In this set of activities adaptable for grades K-3, parents and educators will find ideas for teaching about needs and wants. These activities are designed to complement the BrainPOP Jr. Needs and Wants topic page, which includes a movie, quizzes, online games, printable activities, and more.
Classroom Activities for Teaching about Needs and Wants
With parental permission, have students save one penny a day and put it into a class piggy bank or jar. Explain that one penny might not seem like a lot of money, but over time you can save a substantial amount. Near the end of the semester or year count the money together. This would be a good opportunity to teach math, such as estimation (How many pennies are in the jar?), counting strategies, counting money, trading up to different denominations of change, or arrays. After totaling the money, have groups of students figure out what the classroom needs, like a new pencil sharpener, stapler, or bottle of soap. Then ask what the class wants, like an ice cream party, new board game, or fancy stickers. Should the class spend the money on what it needs or wants?
Remind students that people are both producers and consumers. They can make and grow their own goods or offer services. They can purchase goods and services too. Have students or groups of students brainstorm what goods they can make or grow and what services they can offer. Then organize an open-air market for your class, grade, or whole school. Students can spend time making their goods or finding ways to communicate their services with others. Invite students to set up booths to sell their goods and services. You can give students fake money to use or you can have them barter their goods and services. Review with students that when they barter, they exchange goods and services without using money. You may want to discuss civilizations and societies that use the barter system.
Needs and Wants Around the World
All communities need air, food, water, and shelter. However education, electricity, and running water are considered necessities in many cultures. Some cultures might consider cars “a want” or luxury, while other cultures consider transportation a necessity to get to work. Research wants and needs around the world and compare and contrast them with your student’s own community.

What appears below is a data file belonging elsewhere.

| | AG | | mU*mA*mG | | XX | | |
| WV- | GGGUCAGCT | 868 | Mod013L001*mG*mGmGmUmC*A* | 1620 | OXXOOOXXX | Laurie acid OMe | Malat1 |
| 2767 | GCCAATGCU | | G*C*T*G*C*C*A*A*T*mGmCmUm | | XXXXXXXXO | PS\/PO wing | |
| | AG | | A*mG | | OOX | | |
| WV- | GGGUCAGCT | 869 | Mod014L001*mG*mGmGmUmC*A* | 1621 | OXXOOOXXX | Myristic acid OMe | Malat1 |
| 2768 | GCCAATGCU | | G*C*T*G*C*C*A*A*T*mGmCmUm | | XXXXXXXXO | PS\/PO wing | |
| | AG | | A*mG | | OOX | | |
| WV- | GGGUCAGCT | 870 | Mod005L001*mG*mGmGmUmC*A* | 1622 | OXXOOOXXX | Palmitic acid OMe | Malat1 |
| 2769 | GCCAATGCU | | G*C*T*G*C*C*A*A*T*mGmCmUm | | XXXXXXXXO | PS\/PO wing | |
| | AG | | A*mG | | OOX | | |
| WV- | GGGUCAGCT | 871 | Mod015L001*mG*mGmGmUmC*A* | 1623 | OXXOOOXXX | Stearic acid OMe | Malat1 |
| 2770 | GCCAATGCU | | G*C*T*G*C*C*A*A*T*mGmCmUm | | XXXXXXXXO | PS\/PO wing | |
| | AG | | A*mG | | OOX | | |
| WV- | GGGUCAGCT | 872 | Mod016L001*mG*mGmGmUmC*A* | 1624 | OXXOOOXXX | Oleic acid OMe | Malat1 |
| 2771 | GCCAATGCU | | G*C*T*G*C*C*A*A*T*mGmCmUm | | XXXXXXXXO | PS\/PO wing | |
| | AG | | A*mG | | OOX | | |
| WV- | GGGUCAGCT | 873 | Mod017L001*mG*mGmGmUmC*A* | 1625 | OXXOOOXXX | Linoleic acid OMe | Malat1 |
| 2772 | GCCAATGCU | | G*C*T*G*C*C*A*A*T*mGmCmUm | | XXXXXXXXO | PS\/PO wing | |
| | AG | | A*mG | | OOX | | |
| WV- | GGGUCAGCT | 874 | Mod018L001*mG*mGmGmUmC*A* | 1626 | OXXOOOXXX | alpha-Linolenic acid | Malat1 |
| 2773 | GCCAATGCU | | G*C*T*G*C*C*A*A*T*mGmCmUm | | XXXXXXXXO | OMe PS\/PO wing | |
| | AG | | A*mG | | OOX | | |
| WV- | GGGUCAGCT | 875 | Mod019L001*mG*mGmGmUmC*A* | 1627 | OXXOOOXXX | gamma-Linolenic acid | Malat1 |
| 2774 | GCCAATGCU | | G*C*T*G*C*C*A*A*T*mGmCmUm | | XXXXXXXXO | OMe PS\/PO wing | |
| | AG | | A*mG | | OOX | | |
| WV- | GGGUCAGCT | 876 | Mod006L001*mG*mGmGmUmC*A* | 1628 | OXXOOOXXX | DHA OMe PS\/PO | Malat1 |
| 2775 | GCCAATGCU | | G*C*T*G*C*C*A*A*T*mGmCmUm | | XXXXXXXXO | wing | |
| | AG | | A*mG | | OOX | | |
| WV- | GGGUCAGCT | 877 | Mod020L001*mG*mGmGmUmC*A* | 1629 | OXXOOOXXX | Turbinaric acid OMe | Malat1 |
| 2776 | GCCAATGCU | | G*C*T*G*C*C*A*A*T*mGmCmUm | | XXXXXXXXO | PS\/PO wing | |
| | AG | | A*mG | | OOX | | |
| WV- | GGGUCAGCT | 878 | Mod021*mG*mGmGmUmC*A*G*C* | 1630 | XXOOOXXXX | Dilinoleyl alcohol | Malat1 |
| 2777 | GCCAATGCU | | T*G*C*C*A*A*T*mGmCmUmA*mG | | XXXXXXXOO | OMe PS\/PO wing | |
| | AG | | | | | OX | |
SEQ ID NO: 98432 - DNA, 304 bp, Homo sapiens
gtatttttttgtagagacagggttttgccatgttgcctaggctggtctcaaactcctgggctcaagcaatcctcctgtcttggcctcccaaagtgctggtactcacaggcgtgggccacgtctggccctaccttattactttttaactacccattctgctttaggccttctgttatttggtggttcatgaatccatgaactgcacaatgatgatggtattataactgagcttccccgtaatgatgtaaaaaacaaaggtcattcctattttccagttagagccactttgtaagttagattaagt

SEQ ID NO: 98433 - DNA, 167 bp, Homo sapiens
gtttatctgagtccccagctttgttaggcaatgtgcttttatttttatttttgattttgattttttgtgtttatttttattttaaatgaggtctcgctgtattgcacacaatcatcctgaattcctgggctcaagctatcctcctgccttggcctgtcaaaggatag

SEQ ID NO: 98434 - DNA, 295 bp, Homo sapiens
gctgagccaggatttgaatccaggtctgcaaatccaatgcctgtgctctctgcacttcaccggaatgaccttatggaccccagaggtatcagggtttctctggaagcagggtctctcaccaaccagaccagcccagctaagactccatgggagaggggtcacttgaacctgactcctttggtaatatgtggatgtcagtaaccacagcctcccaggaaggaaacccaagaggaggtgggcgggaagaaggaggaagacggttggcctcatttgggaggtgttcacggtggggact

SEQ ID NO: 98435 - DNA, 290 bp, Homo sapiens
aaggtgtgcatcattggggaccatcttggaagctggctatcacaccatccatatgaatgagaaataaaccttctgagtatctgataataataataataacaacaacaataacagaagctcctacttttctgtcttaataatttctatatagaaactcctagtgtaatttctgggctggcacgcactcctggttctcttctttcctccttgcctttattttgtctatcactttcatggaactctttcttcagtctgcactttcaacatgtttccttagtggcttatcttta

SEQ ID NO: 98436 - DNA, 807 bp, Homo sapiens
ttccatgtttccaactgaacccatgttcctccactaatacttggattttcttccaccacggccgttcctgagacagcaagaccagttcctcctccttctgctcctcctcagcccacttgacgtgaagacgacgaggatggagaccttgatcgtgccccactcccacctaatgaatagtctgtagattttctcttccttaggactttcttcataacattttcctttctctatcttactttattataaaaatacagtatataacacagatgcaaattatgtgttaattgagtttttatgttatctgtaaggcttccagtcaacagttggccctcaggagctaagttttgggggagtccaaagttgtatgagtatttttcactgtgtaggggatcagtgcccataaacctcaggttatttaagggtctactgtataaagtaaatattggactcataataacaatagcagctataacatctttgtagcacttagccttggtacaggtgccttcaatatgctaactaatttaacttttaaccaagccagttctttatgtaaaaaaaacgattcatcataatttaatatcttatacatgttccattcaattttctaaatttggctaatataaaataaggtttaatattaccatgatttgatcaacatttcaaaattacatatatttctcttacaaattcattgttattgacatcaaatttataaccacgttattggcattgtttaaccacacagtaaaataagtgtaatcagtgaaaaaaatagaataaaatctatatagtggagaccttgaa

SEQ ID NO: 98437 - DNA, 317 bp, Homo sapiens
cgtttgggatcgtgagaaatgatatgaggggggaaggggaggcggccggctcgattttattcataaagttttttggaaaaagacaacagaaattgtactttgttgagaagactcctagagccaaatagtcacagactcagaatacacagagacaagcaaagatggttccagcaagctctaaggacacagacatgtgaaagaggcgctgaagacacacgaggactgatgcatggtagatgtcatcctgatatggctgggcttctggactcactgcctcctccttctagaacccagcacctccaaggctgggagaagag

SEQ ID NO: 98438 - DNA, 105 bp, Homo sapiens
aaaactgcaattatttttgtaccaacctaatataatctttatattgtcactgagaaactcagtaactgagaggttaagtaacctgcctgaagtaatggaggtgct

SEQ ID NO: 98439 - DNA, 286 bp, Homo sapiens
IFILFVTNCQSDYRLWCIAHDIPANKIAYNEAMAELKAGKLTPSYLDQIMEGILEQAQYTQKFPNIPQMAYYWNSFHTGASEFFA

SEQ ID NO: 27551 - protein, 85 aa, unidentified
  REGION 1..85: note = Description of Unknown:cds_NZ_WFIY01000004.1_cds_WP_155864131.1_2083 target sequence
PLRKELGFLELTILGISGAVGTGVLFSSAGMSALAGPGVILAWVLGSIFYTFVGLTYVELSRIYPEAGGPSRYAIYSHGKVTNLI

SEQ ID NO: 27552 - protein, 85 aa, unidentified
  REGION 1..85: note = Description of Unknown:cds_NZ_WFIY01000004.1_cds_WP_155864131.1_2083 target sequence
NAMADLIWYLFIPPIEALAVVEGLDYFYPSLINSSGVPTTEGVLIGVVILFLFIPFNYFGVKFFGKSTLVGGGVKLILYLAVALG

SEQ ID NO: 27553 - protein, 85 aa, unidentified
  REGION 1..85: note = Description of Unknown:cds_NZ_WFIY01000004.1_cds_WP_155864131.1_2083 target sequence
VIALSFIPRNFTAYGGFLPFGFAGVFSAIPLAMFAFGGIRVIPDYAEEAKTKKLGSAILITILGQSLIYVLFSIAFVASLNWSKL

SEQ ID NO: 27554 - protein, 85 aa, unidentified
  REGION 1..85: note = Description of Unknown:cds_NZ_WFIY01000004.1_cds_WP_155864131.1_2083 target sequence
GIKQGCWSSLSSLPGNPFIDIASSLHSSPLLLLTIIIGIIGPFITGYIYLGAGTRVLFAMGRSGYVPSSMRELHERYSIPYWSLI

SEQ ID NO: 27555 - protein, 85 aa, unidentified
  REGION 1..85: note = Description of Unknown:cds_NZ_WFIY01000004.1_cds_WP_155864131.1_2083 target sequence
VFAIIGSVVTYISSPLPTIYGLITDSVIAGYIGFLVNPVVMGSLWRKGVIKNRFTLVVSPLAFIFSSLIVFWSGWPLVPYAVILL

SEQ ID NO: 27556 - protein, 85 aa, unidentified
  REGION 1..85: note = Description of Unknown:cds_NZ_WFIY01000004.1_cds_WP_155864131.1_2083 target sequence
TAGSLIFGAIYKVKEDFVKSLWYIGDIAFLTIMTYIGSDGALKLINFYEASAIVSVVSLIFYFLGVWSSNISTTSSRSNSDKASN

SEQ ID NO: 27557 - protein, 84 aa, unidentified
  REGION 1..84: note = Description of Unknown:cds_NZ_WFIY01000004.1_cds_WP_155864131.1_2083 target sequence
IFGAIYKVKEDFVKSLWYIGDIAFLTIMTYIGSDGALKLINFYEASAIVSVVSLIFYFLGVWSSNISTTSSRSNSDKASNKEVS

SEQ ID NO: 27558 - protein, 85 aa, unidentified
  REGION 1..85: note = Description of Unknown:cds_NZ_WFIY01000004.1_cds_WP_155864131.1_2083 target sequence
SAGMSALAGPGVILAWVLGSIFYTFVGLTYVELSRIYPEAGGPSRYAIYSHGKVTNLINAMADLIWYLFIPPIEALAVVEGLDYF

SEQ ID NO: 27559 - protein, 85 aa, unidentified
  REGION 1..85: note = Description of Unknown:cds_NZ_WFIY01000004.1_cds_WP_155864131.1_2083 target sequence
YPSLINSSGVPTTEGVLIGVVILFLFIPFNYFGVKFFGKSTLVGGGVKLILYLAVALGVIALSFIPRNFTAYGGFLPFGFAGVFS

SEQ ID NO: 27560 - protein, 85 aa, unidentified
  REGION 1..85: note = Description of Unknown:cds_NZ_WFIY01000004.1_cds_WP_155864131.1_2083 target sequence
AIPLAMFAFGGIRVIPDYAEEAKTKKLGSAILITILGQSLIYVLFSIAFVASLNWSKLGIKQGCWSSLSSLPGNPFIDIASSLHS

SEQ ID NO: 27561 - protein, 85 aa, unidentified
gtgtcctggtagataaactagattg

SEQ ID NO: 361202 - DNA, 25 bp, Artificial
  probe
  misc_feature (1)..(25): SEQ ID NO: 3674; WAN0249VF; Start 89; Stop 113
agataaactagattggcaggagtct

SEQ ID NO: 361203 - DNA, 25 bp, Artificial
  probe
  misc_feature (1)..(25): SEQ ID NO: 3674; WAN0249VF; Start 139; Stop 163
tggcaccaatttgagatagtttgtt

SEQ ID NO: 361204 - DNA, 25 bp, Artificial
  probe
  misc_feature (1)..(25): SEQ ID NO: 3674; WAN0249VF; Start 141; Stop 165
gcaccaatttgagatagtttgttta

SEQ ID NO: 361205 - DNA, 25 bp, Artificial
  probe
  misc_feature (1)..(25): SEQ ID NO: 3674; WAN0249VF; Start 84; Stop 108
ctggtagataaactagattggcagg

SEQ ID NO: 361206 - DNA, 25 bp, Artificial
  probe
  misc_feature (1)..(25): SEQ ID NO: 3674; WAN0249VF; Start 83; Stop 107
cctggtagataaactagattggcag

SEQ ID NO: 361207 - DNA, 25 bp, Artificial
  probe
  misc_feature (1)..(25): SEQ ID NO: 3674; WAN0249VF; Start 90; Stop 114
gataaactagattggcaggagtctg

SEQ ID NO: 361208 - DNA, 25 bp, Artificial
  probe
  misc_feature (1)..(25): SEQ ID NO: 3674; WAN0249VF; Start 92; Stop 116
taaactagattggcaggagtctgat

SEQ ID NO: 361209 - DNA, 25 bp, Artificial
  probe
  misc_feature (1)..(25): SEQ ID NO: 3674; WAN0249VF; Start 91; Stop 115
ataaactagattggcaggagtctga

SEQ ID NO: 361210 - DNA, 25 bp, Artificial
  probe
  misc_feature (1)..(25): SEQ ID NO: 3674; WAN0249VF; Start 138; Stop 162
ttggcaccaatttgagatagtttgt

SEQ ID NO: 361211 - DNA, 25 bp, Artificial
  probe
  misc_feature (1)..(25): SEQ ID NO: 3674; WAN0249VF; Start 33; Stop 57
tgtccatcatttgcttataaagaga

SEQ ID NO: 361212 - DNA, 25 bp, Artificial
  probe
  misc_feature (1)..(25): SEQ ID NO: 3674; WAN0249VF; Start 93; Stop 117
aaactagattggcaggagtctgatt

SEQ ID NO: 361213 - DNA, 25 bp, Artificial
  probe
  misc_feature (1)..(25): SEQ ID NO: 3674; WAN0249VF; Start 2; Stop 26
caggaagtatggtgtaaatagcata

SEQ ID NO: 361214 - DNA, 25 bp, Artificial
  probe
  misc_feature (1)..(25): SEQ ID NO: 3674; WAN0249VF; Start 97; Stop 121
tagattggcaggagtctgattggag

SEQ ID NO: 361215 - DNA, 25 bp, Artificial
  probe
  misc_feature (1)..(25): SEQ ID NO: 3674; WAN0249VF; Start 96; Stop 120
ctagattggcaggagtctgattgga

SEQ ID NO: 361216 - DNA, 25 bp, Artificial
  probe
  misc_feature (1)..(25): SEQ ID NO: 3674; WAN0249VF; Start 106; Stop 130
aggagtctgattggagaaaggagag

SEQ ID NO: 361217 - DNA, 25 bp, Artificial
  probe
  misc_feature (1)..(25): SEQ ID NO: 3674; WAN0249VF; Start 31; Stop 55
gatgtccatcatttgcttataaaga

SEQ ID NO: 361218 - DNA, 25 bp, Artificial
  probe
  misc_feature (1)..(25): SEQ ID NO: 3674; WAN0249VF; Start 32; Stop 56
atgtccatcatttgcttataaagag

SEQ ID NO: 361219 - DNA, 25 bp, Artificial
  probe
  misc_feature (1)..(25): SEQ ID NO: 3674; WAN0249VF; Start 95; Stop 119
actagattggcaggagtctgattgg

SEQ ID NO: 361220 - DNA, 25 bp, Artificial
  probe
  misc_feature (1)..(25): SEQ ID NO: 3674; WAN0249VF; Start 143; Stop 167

Family and Homeschool Activities for Teaching About Needs and Wants
On a Budget
If possible, allow your child to earn a small allowance each week or month. The allowance could be earned by various services like managing your home’s recycling, walking the dog, or sweeping the kitchen floor. Your child could also earn money by producing goods painting a pictures to sell. Have your child make a list of things he or she needs or wants and research how much they cost. Then help your child create a budget and stick to the budget in order to teach and support effective money-managing skills.
Five dollars can buy many different goods and services. Have your child brainstorm and research what they can buy with five dollars. You may want to take your child to a grocery store or market to get different ideas of what things cost. For example, for five dollars may buy several pounds of apples, one box of cereal, or 2 bags of potato chips. Have your child compare and contrast the items. How does your family determine needs and wants at the grocery store? Help your child become a smart consumer.